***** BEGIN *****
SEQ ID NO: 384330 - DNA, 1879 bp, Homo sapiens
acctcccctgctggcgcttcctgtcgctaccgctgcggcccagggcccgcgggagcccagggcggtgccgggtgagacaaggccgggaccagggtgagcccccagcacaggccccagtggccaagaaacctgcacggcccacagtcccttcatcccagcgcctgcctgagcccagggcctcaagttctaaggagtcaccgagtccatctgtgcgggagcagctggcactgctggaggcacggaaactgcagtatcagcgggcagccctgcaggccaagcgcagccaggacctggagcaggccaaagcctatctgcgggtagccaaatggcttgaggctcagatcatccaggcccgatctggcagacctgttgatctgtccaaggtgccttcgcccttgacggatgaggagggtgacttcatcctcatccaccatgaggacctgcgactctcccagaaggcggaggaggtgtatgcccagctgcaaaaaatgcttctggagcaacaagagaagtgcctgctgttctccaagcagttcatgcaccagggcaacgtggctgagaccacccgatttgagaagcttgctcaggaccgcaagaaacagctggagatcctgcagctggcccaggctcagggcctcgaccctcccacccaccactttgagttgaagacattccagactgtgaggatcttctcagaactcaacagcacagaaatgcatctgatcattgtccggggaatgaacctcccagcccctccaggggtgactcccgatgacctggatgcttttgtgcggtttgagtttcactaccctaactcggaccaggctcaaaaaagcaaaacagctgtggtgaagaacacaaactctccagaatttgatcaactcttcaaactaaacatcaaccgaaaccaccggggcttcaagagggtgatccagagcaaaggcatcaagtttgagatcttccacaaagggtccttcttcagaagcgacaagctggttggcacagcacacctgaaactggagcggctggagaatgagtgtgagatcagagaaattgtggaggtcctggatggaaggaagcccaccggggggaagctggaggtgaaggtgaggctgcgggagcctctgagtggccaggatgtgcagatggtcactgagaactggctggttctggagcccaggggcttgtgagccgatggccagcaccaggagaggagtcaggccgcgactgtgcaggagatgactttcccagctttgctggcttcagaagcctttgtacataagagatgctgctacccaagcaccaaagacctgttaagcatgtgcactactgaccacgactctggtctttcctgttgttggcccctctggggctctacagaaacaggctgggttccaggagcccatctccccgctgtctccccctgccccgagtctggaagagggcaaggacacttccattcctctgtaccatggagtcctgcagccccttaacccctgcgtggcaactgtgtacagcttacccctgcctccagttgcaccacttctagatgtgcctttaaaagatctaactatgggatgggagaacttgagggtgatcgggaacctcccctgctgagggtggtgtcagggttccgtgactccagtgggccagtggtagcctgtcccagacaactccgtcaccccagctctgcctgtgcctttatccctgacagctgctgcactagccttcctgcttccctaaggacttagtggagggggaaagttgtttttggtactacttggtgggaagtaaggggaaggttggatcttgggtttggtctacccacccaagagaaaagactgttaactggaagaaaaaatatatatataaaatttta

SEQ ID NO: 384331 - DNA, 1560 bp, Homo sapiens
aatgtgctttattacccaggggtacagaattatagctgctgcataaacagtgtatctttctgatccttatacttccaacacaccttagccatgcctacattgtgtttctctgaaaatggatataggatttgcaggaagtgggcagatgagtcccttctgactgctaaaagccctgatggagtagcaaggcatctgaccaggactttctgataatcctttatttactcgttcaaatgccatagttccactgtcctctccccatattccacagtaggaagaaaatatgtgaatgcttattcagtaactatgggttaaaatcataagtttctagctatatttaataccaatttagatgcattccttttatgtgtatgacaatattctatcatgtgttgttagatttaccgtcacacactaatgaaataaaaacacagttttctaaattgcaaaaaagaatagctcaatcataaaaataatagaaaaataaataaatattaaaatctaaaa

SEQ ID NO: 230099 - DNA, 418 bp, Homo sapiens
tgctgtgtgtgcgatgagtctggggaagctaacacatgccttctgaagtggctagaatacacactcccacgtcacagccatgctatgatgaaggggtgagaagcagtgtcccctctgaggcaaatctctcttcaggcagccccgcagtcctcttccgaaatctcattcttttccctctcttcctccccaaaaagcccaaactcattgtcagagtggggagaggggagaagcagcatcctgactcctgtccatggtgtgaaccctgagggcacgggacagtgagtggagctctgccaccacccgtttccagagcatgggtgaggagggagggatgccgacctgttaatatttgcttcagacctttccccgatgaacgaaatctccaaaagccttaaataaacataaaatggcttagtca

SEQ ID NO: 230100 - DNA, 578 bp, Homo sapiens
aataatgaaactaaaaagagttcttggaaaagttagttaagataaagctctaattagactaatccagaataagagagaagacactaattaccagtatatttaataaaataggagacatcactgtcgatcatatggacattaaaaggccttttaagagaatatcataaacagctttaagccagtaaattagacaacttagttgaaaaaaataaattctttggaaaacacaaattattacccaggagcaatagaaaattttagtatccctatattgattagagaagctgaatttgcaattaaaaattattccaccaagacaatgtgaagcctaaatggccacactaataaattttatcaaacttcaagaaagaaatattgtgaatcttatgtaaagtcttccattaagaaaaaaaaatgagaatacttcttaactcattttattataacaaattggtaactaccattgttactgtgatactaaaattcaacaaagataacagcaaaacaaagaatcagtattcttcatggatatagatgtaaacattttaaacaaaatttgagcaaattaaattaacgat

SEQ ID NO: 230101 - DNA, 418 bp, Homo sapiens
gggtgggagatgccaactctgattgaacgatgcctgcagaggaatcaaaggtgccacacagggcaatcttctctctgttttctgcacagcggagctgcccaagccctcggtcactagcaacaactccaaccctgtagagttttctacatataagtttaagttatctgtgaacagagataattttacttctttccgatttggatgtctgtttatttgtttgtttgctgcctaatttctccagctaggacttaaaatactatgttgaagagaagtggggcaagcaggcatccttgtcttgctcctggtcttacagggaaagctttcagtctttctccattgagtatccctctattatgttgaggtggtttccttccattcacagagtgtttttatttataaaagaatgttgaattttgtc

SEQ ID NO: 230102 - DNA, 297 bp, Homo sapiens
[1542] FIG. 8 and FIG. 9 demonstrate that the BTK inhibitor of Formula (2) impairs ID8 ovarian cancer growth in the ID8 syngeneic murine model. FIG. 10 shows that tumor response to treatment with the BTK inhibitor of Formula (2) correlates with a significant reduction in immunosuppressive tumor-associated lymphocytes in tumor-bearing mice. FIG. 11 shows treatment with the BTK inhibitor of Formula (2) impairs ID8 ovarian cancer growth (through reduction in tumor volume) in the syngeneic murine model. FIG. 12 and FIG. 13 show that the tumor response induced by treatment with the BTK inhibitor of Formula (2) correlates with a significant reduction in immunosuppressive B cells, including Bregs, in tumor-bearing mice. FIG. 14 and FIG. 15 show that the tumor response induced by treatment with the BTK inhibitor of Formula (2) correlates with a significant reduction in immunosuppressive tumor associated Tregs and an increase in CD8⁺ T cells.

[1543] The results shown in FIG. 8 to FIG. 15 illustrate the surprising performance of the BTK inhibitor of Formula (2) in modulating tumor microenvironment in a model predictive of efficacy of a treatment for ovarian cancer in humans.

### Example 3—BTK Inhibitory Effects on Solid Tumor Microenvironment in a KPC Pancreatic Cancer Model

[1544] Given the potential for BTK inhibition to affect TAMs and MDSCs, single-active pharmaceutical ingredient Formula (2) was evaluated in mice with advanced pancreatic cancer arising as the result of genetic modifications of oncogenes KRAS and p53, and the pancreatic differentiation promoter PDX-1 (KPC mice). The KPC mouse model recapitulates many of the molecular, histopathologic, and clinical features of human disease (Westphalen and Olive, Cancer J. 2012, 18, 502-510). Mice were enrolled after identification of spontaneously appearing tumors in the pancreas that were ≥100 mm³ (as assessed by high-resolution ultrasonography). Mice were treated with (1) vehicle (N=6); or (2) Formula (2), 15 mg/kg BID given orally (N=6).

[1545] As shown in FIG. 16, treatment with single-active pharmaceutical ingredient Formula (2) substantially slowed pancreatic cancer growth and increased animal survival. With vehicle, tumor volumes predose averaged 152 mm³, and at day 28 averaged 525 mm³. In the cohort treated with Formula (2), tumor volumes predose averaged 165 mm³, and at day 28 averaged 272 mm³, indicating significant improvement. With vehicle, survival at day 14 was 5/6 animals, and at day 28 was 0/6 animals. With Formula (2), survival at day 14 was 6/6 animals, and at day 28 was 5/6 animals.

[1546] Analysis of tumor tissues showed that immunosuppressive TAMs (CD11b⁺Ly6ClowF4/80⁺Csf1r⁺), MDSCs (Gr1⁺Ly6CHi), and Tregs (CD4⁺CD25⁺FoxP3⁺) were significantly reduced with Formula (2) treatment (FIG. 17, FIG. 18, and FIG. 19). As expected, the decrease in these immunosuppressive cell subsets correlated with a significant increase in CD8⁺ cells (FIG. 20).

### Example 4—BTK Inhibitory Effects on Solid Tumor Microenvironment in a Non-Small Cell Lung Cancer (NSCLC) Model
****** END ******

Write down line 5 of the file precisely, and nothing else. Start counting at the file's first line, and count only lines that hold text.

SEQ ID NO: 230099 - DNA, 418 bp, Homo sapiens